MOST people would prefer to fall in love with a saver rather than a big spender.
More than eight out of 10 people said they would prefer to link up with someone who is good at putting money aside, according to a survey commissioned by savings bank RaboDirect.
In contrast to the famous song, this survey suggests that those who embrace the savings habit actually have an advantage in the romantic stakes.
The survey implies that the ideal lover has a healthy bank account rather than a tendency to flash the cash on fancy meals in posh restaurants and bling gifts.
Savings experts said this gave the impression that the topic of conversation for an ideal first date would be a sharing of savings tips, instead of discussions about spending lavishly and weekends away.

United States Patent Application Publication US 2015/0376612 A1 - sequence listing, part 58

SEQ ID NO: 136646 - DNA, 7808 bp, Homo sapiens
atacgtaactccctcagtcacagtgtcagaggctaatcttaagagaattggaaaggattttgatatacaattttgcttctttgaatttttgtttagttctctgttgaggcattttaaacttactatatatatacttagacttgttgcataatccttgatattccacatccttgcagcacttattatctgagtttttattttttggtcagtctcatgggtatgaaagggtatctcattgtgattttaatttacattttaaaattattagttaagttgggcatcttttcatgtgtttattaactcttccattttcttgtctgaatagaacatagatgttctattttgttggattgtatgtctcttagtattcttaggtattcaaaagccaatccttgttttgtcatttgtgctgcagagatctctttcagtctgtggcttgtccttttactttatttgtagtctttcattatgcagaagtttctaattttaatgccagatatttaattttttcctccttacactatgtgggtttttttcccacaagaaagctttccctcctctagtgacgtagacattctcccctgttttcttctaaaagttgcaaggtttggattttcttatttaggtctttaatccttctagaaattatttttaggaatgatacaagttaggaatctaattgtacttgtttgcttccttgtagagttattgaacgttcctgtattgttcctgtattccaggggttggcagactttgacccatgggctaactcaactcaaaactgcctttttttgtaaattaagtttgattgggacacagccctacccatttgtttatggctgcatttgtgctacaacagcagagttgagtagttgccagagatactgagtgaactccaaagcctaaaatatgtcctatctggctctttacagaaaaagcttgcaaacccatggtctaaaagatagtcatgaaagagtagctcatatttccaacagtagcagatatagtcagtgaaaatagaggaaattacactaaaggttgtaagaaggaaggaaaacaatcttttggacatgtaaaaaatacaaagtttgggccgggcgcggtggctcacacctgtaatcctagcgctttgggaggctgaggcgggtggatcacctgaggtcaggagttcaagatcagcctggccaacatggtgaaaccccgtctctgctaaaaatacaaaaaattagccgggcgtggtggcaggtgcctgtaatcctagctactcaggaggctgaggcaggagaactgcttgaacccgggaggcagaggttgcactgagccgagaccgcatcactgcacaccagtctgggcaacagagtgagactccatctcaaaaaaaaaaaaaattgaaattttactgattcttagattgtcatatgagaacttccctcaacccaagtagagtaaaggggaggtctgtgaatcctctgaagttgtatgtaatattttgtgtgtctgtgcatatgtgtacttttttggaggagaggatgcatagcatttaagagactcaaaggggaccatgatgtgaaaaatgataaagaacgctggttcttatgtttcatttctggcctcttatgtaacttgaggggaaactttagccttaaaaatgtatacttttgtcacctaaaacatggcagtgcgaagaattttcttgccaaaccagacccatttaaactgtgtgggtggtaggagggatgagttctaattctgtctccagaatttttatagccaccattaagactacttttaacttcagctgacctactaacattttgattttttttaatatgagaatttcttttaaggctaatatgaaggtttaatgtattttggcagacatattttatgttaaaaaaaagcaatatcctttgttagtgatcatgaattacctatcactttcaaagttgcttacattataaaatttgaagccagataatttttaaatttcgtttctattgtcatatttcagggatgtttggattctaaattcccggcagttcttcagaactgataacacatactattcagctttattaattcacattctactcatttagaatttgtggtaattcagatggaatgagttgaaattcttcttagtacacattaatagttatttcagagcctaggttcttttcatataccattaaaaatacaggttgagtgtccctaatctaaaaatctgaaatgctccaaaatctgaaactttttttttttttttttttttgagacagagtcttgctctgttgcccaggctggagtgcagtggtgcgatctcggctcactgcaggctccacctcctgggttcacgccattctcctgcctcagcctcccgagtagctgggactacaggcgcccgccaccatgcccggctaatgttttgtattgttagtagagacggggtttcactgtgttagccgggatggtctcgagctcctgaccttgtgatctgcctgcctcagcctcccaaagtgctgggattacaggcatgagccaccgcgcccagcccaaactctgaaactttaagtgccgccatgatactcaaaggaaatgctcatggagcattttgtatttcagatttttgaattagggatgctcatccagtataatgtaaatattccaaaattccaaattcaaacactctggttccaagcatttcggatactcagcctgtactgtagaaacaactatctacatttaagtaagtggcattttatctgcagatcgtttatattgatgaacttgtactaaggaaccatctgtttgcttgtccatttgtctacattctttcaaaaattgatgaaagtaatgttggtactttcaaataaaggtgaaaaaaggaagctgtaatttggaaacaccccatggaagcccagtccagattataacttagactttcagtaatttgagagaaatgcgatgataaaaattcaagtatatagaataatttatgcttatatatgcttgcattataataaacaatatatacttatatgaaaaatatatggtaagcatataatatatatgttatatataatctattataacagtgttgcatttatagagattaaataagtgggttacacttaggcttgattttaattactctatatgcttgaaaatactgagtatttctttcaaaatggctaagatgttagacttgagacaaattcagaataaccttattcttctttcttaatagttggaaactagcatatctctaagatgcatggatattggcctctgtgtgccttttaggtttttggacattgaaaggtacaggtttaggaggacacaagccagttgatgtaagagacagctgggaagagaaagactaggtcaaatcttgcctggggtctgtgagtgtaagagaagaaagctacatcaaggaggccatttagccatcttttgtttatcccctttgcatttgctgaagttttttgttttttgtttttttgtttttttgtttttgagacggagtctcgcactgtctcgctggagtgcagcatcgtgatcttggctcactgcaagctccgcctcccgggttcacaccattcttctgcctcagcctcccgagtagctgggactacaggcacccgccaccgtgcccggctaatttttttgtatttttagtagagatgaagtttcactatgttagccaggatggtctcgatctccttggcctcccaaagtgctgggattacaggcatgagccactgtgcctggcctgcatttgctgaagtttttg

But despite 81pc of people seeing a saver as an ideal partner, less than half of people are actually savers.
Tight finances are leading people to shun wedding invitations. Almost a third of people have reported turning down an invite to a wedding because of the costs involved.
And in a further sign that romantic Ireland's been replaced by savvy savers, three-quarters of people say they now haggle for better prices.
Haggling is popular when it comes to purchasing home and car insurance, cars and household appliances, according to the Empathy Research survey for RaboDirect.
The research found that one in three has reused a tea bag more than once and that large numbers drive around to find the cheapest diesel and petrol.